Around the world, cloud computing and compliance regulation are having a major effect on businesses. Not only are they transforming operations, but they are also having an effect on an increase in cyber threats, which is causing headaches for IT professionals.

“Too many are trying to apply risk procedures, controls and regulations to a cloud business model, which they don’t truly understand,” Garry Sidaway, global director of security strategy, NTT Com Security, told Information Age.

While the cloud allows businesses to become more agile, compliance restrains it, which is preventing some businesses from taking full advantage of what the cloud can do. According to NTT Com Security research, businesses are apprehensive of using the cloud. Interestingly, a whopping 86 percent say their issues around data protection, legislation, and regulation are responsible for cloud computing being adopted slowly. 

With increasingly complicated data laws from NSA and PRISM revelations and compliance, it’s becoming a minefield for businesses looking to use the cloud. These days, we typically use compliance to improve business and corporate governance. This helps improve approaches to risk management, enabling businesses to understand risks of using the cloud and what processes they have in place to protect themselves.

But, something needs to change, according to Sidaway. Compliance should, instead, look forward and work with businesses and governments. In this age of the cloud, IT professionals face an overwhelming amount of laws including the ICO’s guidelines putting the security responsibility on the business owning the data, instead of the third party cloud provider.

Further, some organizations are making big assumptions about the skills required to develop and deliver secure cloud services. In addition, too many are trying to apply risk procedures and regulations to a cloud business model, which they don’t fully understand. They apply old compliance methodologies to new business models, to decide that they can’t use the cloud effectively because of compliance.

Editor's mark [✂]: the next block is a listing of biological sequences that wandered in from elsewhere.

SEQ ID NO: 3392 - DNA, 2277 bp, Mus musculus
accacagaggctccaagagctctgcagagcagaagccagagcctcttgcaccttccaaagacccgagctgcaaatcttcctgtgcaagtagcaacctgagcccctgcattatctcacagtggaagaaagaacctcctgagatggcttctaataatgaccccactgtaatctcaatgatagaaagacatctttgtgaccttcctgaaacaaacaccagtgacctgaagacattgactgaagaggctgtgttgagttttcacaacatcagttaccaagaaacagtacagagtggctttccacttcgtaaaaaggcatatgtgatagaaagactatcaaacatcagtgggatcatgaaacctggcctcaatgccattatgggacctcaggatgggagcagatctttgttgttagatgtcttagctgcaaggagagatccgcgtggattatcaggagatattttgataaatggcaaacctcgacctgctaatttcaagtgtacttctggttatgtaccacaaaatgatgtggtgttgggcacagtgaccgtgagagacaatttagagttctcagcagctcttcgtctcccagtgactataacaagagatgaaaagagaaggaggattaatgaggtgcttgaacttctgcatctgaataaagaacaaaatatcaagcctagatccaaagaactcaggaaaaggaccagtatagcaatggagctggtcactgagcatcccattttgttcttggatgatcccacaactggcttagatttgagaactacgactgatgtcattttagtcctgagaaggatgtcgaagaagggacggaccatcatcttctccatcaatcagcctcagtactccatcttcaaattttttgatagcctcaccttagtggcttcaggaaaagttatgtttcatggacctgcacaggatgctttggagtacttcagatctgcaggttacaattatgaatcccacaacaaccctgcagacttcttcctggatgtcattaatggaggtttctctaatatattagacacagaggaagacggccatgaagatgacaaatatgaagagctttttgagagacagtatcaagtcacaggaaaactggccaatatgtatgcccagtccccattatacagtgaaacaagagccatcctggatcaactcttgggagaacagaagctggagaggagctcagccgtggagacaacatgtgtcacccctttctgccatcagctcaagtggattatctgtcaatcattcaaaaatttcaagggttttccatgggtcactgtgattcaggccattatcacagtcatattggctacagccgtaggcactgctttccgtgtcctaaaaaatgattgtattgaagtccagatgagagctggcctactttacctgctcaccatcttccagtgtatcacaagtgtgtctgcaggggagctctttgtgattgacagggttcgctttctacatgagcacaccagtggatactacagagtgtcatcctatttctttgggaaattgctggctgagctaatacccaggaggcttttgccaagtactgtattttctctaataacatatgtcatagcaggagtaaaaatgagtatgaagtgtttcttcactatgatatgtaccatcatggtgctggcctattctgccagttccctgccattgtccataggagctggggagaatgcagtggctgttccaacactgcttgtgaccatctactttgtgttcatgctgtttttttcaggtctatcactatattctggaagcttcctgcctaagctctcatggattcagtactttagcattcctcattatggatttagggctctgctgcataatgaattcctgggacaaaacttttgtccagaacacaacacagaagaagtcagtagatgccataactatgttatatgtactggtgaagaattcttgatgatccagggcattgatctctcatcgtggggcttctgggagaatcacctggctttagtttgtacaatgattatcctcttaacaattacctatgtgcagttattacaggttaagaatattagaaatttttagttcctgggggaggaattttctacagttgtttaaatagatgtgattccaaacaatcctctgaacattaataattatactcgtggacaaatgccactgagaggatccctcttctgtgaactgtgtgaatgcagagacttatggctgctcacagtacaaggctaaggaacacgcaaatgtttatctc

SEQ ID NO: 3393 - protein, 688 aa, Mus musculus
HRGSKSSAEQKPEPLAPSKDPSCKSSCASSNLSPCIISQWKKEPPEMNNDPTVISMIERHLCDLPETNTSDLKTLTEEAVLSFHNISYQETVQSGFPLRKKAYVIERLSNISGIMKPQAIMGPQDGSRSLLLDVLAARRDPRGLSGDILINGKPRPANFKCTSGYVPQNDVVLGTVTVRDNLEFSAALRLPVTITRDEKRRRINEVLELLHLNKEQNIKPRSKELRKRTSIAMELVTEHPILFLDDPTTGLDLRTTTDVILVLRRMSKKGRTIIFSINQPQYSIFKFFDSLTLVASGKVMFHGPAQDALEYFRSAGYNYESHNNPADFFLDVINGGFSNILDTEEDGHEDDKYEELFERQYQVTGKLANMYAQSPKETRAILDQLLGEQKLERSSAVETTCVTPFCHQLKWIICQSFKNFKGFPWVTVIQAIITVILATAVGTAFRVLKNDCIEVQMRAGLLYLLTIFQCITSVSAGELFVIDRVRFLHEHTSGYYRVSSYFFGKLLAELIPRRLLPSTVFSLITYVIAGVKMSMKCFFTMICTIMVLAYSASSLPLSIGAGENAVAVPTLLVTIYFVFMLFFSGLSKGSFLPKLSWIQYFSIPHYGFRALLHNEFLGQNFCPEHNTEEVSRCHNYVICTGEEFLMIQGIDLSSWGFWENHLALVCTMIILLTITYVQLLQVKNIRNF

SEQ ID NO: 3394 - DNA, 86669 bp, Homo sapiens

Instead, they should get a better understanding the cloud before applying these controls. IT professionals that do understand the right way to merge the cloud and compliance see good cloud skills as the priority.

With the right knowledge, businesses can then explore the technology of the cloud and how it can improve their operation, as well as apply the controls to manage risk.

For more news on the cloud and compliance, check out these articles:

Reducing discovery challenges through innovative use of technology in cross-border litigation

Is there really a need for third party due diligence?

With risk comes reward: Compliance roles increase in complexity

Finding the appropriate balance between ethics and compliance in a regulatory landscape